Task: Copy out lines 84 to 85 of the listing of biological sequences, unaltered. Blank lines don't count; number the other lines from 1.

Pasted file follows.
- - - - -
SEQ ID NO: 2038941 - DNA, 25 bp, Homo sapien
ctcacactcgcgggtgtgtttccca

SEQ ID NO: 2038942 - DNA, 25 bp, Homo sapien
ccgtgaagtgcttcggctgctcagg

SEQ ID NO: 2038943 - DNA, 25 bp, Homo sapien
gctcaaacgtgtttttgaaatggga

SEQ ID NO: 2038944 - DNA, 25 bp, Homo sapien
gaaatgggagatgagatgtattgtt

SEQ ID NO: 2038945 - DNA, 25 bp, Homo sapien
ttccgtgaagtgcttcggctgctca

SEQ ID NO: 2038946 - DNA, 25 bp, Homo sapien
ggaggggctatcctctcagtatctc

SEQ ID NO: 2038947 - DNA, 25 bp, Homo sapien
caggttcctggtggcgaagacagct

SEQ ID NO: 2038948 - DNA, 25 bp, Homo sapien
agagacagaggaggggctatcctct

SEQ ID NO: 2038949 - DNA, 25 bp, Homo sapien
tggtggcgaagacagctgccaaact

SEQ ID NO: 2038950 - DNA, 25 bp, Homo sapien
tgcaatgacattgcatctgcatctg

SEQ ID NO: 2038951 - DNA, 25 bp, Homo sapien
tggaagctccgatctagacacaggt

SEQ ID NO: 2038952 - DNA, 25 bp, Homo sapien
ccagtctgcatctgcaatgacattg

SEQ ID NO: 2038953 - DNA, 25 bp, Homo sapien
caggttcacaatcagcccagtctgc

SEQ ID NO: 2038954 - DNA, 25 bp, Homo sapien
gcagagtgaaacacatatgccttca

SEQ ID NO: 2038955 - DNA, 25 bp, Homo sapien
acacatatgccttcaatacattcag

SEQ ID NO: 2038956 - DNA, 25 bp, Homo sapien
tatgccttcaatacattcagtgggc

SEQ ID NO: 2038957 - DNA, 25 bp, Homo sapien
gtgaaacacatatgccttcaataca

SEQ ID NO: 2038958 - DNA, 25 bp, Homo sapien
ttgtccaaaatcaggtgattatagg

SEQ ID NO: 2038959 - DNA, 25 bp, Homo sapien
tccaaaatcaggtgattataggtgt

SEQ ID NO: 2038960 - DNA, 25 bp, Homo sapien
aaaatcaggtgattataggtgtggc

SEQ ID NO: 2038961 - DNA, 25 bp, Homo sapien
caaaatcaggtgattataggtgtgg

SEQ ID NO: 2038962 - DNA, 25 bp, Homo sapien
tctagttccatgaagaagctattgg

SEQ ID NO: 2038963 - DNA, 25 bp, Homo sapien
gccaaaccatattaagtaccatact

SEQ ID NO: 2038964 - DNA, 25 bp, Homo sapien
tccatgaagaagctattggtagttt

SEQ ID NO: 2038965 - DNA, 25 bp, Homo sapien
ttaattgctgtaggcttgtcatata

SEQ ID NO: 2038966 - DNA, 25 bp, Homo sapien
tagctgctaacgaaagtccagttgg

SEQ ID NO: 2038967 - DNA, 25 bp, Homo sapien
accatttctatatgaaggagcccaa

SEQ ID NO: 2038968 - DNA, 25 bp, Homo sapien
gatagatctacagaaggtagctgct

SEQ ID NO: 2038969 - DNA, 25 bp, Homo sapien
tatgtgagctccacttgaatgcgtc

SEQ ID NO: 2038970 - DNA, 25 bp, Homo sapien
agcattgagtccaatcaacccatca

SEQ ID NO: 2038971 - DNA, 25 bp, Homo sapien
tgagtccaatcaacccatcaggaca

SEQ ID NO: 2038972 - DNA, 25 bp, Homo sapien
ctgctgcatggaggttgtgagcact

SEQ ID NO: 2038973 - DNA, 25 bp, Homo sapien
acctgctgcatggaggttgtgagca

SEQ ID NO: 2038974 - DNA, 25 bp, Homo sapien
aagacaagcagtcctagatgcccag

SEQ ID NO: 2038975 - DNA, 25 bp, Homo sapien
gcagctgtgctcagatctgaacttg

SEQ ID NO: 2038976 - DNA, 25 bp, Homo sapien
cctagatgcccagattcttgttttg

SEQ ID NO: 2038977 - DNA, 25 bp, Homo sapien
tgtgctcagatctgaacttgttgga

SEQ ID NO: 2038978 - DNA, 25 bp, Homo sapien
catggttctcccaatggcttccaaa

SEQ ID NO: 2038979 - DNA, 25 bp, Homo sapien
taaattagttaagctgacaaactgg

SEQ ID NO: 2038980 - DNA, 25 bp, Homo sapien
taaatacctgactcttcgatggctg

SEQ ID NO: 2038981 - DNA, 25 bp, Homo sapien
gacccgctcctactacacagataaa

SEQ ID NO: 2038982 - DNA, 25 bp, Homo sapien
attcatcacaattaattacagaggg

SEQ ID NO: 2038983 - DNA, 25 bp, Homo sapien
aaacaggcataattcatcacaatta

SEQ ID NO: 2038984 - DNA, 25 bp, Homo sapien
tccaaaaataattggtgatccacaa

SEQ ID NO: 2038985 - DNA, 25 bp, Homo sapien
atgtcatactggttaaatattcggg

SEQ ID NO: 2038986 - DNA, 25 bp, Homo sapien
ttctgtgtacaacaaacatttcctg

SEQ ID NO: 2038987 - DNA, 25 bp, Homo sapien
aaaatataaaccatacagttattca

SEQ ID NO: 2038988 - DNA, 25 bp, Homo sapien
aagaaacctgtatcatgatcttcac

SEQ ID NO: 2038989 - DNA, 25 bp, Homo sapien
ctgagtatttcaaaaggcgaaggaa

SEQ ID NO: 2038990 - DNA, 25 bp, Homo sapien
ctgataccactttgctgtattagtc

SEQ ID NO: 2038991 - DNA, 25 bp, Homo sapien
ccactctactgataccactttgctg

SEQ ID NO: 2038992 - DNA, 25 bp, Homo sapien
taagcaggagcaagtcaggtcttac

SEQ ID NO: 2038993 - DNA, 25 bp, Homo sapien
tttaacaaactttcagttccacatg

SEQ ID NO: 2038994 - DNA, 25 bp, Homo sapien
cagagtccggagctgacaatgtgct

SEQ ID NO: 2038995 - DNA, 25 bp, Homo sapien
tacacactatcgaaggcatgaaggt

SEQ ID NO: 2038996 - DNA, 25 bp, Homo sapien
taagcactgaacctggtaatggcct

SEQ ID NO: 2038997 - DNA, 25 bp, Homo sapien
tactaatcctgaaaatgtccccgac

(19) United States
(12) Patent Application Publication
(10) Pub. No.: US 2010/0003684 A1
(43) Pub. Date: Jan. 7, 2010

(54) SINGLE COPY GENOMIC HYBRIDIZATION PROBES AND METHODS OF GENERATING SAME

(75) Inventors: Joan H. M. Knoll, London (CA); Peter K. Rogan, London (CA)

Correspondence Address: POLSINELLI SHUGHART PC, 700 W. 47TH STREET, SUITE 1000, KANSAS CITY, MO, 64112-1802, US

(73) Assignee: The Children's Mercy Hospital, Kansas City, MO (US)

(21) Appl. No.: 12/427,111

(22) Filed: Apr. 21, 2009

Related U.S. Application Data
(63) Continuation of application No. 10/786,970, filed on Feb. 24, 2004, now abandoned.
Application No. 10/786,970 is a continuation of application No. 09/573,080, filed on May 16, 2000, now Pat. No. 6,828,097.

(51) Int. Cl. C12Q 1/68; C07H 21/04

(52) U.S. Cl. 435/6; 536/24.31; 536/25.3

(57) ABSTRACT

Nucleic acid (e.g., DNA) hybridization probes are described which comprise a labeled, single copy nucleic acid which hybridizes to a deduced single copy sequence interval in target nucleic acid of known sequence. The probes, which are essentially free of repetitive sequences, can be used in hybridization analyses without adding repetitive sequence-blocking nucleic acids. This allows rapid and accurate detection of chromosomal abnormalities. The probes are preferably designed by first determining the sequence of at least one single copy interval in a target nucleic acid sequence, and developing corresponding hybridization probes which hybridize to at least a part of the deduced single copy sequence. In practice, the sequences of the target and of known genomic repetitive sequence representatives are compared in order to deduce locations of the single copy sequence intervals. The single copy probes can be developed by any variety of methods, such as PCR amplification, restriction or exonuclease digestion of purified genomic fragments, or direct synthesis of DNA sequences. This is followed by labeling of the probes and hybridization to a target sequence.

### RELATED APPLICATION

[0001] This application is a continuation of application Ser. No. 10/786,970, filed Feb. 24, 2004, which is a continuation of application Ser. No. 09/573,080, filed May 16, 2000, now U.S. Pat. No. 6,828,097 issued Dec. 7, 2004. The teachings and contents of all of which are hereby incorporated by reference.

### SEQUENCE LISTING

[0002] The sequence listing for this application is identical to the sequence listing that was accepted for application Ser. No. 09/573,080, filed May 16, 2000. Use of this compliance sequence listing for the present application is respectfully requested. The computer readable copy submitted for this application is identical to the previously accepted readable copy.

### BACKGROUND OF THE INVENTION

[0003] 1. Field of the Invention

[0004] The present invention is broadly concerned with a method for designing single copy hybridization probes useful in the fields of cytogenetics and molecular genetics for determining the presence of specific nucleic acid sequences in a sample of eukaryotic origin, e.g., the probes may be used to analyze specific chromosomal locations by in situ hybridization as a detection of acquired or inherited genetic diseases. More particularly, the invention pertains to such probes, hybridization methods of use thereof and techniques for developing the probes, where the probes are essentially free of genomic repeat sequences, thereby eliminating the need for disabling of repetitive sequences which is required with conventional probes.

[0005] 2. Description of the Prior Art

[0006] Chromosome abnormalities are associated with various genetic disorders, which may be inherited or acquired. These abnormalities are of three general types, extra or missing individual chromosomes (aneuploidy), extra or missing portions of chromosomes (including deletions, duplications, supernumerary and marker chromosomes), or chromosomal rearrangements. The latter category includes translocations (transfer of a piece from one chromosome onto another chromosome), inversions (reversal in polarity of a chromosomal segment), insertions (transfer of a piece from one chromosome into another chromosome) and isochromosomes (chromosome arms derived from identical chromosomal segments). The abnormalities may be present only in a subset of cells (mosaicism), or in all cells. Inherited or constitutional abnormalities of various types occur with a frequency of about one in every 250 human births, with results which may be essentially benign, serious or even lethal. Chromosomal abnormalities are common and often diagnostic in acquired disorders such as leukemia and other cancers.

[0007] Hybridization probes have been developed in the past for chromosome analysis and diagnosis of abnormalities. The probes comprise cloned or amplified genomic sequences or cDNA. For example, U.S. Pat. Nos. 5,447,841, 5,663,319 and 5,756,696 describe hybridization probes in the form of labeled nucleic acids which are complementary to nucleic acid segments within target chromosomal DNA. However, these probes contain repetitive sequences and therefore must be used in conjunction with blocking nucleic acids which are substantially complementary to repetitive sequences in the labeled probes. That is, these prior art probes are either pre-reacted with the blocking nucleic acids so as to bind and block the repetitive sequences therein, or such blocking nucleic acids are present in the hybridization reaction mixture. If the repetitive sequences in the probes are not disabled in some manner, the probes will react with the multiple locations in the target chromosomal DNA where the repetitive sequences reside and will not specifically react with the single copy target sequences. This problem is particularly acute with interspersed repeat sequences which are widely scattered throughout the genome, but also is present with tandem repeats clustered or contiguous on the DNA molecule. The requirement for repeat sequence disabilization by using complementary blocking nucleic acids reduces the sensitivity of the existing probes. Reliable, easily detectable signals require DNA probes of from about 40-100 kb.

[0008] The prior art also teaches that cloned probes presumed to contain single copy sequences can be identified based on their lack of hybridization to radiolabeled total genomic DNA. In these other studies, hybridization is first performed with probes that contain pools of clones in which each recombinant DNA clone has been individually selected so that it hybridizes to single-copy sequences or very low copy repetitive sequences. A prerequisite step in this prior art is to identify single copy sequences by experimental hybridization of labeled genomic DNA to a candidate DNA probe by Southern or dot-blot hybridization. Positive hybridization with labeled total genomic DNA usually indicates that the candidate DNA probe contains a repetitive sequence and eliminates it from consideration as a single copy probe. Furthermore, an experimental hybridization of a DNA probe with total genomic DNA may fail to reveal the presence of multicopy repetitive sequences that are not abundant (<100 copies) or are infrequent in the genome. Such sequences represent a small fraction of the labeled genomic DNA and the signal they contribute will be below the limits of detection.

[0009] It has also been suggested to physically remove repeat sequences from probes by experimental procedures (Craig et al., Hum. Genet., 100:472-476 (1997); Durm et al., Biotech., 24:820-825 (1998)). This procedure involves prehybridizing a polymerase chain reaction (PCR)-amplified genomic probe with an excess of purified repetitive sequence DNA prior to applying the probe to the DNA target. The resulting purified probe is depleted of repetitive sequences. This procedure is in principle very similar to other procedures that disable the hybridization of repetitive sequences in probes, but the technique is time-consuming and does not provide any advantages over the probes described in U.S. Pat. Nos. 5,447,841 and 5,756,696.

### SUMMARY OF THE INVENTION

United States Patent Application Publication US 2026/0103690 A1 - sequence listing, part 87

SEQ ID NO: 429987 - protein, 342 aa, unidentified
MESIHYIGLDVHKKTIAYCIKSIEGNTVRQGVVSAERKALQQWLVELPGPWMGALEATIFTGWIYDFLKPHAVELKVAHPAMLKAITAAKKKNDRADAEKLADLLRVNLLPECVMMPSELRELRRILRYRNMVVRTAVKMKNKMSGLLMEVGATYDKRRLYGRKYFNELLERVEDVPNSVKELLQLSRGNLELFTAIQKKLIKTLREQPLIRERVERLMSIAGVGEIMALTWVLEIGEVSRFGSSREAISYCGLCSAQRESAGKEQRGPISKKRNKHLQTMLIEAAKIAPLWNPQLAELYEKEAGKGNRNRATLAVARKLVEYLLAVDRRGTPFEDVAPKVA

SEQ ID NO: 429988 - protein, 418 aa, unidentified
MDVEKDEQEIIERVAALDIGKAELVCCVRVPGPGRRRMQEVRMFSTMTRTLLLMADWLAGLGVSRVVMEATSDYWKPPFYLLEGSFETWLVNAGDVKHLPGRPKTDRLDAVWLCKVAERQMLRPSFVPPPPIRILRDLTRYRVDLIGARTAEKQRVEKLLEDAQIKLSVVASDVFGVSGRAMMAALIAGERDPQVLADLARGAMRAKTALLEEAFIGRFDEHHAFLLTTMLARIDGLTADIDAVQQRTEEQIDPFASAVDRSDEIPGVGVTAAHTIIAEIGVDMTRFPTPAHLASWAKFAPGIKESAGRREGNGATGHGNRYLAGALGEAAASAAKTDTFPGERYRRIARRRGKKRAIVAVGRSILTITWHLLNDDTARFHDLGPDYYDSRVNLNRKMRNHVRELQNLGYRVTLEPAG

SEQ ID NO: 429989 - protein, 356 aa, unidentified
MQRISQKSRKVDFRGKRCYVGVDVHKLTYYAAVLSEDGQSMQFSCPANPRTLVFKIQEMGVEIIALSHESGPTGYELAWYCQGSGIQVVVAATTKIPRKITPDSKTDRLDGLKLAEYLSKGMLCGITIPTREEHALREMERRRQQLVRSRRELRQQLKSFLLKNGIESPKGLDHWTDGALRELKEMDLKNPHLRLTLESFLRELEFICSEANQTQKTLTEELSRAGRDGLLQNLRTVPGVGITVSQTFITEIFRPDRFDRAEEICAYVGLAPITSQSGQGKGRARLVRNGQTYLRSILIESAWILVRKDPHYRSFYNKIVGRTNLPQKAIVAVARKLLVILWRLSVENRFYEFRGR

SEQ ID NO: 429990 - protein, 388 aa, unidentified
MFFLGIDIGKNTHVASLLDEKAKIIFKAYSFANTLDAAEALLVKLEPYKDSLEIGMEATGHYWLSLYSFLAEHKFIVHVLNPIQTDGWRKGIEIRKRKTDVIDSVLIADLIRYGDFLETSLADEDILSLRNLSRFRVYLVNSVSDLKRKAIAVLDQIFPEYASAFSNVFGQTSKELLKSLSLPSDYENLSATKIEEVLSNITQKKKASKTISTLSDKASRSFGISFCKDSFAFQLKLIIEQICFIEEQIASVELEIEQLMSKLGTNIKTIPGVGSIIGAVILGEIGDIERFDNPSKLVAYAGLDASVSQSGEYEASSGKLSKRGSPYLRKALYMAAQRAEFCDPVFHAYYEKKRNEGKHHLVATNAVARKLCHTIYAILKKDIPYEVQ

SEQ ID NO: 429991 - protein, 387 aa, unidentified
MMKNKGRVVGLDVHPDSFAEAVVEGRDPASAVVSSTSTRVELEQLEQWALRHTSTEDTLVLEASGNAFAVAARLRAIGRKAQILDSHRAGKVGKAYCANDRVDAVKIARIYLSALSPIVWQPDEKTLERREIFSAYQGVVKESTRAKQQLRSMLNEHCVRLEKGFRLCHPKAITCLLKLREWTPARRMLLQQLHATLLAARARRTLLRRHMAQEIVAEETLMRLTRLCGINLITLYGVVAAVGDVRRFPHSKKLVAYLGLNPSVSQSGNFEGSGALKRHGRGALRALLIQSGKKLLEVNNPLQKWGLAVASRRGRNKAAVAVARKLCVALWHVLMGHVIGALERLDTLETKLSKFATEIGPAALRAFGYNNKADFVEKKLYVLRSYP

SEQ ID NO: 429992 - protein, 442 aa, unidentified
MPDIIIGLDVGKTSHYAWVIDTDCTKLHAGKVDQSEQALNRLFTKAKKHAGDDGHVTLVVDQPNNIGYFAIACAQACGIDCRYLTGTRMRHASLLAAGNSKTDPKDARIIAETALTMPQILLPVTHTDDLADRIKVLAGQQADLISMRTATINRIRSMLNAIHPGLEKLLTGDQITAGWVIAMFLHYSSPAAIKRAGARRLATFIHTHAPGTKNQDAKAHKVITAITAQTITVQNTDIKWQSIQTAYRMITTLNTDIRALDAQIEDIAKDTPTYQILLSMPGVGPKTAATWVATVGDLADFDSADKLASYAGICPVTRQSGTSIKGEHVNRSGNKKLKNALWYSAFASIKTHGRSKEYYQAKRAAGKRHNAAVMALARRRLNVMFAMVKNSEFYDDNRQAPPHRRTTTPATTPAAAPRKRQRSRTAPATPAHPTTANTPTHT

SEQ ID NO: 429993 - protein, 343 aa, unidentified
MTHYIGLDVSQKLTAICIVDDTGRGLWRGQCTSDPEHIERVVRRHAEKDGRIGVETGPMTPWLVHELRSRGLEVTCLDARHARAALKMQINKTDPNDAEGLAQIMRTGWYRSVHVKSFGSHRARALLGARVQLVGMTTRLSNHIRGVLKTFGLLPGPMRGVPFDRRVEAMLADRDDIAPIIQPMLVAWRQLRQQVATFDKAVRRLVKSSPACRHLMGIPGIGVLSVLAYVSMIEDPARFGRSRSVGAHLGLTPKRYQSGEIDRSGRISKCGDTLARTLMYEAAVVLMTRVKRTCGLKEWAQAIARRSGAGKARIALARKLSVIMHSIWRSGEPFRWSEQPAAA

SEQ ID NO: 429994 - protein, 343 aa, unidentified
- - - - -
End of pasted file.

attcatcacaattaattacagaggg

SEQ ID NO: 2038983 - DNA, 25 bp, Homo sapien